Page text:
Netflix is the undisputed leader among streaming services, having paved the way for others in the industry, and it continues to dominate. It added a record 7.41 million customers in the first quarter of 2018.

While its subscriber numbers are nowhere near Netflix’s, PlayStation Vue’s customization and flexibility aid its ranking; users don’t mind paying more for what they perceive to be a strong value. Vue sits in a good position with cord cutters disgruntled with cable TV service.

Amazon’s Twitch has taken a different path, capitalizing on the growing popularity of streaming video games, including e-sports, a popular category especially with younger viewers—61 percent of e-sports viewers are between 18 and 34.

Tied for second place are à la carte streaming services Apple iTunes and the Microsoft Store, both with scores of 77.

Amazon Prime, Hulu, YouTube Red in the middle

Google’s YouTube Red comes in at 76, ahead of Amazon Prime Video, Google Play, Walmart’s Vudu, and Hulu, which all tied at 75.

While YouTube Red is rebranding to YouTube Premium, it has had success recently with Cobra Kai, an original series based on the Karate Kid franchise that recently beat out original shows from Hulu and Netflix to top the streaming charts.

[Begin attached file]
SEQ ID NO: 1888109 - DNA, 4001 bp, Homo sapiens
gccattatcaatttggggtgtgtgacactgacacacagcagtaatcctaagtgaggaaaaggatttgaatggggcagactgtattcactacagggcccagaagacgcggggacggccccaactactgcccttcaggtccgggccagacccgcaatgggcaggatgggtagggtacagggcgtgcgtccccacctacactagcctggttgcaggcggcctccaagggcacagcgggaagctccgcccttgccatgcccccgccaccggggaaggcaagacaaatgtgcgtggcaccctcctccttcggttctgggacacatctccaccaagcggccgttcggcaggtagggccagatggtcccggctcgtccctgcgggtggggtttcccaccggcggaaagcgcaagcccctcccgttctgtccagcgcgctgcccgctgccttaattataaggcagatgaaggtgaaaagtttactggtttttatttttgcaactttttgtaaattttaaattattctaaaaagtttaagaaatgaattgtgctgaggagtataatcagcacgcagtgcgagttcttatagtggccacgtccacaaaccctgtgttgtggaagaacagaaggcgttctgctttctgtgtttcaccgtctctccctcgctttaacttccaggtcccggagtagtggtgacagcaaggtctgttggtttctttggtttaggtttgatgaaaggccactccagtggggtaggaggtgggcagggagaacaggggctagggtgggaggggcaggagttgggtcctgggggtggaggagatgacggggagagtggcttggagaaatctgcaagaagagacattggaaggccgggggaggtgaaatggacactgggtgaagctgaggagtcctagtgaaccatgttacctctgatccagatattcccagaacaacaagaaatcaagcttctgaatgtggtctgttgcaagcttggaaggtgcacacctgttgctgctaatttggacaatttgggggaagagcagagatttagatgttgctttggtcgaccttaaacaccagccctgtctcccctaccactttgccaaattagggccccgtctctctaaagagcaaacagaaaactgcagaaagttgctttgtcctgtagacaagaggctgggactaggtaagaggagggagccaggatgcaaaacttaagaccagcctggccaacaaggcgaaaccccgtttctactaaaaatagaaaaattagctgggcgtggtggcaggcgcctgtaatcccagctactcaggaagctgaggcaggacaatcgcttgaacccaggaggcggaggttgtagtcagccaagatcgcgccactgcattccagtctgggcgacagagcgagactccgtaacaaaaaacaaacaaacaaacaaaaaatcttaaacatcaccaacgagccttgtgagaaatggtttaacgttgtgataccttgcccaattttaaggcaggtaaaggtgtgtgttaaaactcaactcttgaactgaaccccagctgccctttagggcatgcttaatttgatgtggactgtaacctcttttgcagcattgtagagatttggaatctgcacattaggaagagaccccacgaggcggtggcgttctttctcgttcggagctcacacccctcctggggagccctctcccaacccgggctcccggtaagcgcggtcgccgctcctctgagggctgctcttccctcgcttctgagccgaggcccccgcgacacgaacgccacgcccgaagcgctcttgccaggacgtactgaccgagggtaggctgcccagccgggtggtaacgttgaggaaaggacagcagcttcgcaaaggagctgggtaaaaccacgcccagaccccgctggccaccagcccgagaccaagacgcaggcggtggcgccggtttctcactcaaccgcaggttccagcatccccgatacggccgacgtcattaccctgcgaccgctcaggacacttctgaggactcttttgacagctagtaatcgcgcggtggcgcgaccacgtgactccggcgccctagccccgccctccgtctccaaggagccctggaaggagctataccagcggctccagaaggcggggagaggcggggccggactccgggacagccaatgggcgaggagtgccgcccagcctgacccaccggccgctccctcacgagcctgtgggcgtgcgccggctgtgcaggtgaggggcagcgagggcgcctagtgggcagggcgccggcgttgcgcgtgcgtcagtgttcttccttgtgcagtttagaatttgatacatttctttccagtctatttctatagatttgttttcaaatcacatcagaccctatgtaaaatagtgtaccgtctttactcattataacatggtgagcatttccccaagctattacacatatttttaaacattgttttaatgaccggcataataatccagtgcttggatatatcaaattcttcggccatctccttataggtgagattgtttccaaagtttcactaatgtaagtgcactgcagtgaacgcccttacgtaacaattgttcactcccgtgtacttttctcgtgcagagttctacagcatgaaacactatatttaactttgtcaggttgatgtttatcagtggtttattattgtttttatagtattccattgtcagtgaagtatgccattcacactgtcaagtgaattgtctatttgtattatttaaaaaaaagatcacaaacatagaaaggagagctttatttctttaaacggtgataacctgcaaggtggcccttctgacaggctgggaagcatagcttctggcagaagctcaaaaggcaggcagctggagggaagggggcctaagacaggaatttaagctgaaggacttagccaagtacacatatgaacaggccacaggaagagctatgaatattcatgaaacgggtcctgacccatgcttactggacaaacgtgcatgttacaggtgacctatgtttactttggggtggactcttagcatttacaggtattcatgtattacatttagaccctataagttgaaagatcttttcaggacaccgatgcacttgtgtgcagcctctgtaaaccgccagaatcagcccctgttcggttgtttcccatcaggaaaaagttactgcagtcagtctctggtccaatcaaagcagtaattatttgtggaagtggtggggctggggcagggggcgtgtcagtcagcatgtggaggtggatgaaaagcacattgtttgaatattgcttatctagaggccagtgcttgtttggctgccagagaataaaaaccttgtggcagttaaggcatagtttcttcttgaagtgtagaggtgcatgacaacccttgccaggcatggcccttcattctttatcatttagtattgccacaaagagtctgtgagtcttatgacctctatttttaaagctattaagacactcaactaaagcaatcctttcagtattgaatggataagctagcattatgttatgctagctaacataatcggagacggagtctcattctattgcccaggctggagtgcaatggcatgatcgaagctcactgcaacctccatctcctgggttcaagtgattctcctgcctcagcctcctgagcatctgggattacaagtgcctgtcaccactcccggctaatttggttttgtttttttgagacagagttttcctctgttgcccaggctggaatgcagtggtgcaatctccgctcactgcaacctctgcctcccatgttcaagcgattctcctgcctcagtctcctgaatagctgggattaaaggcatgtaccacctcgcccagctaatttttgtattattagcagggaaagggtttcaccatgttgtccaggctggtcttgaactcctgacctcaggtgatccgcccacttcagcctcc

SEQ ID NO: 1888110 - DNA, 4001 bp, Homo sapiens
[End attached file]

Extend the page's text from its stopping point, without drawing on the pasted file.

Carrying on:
Hulu has few ways to differentiate from its competitors in terms of subscriber satisfaction, but with Disney set to assume majority ownership, the service may offer more content and original programming in the future.

Amazon Prime Video has joined rival Netflix with Oscar nominations – and wins – in the last couple years, and has about 26 million viewers.

Network channel subscriptions bring up the back of the pack

Limited by the content they can provide, network channel subscriptions rank below average. CBS All Access (74) comes in ahead of HBO Now and Starz (both 72) and Showtime Anytime (70). DISH Network’s Sling TV (71) has a narrow lead over AT&T’s DIRECTV NOW (70).

At the bottom, Sony’s Crackle takes last place with 68. Even with the lowest score in the video streaming category, Crackle rates higher than all but two pay TV providers.

What viewers like and don’t like about streaming video

The top-rated aspect of video streaming is the ease of understanding the bill, which streaming customers find much more straightforward than subscription TV customers (ACSI score of 80 for streaming, 73 for subscription TV).

Website satisfaction is high (80) among video streaming customers, as is overall performance reliability (78). Call center service was rated 75, head and shoulders above subscription TV, whose call centers were rated 63 after a 3 percent decline from last year.

Streaming video services face an ongoing battle for content, which is often outside of their control. While viewers rate the quality of original programming at 74, they say the most room for improvement is in the availability of current season’s TV shows (71) and new movie titles (69).

The future of video streaming services

While video streaming handily beat subscription TV, that isn’t exactly difficult considering that subscription TV, along with internet service providers, is one of the lowest-rated industries the ACSI tracks.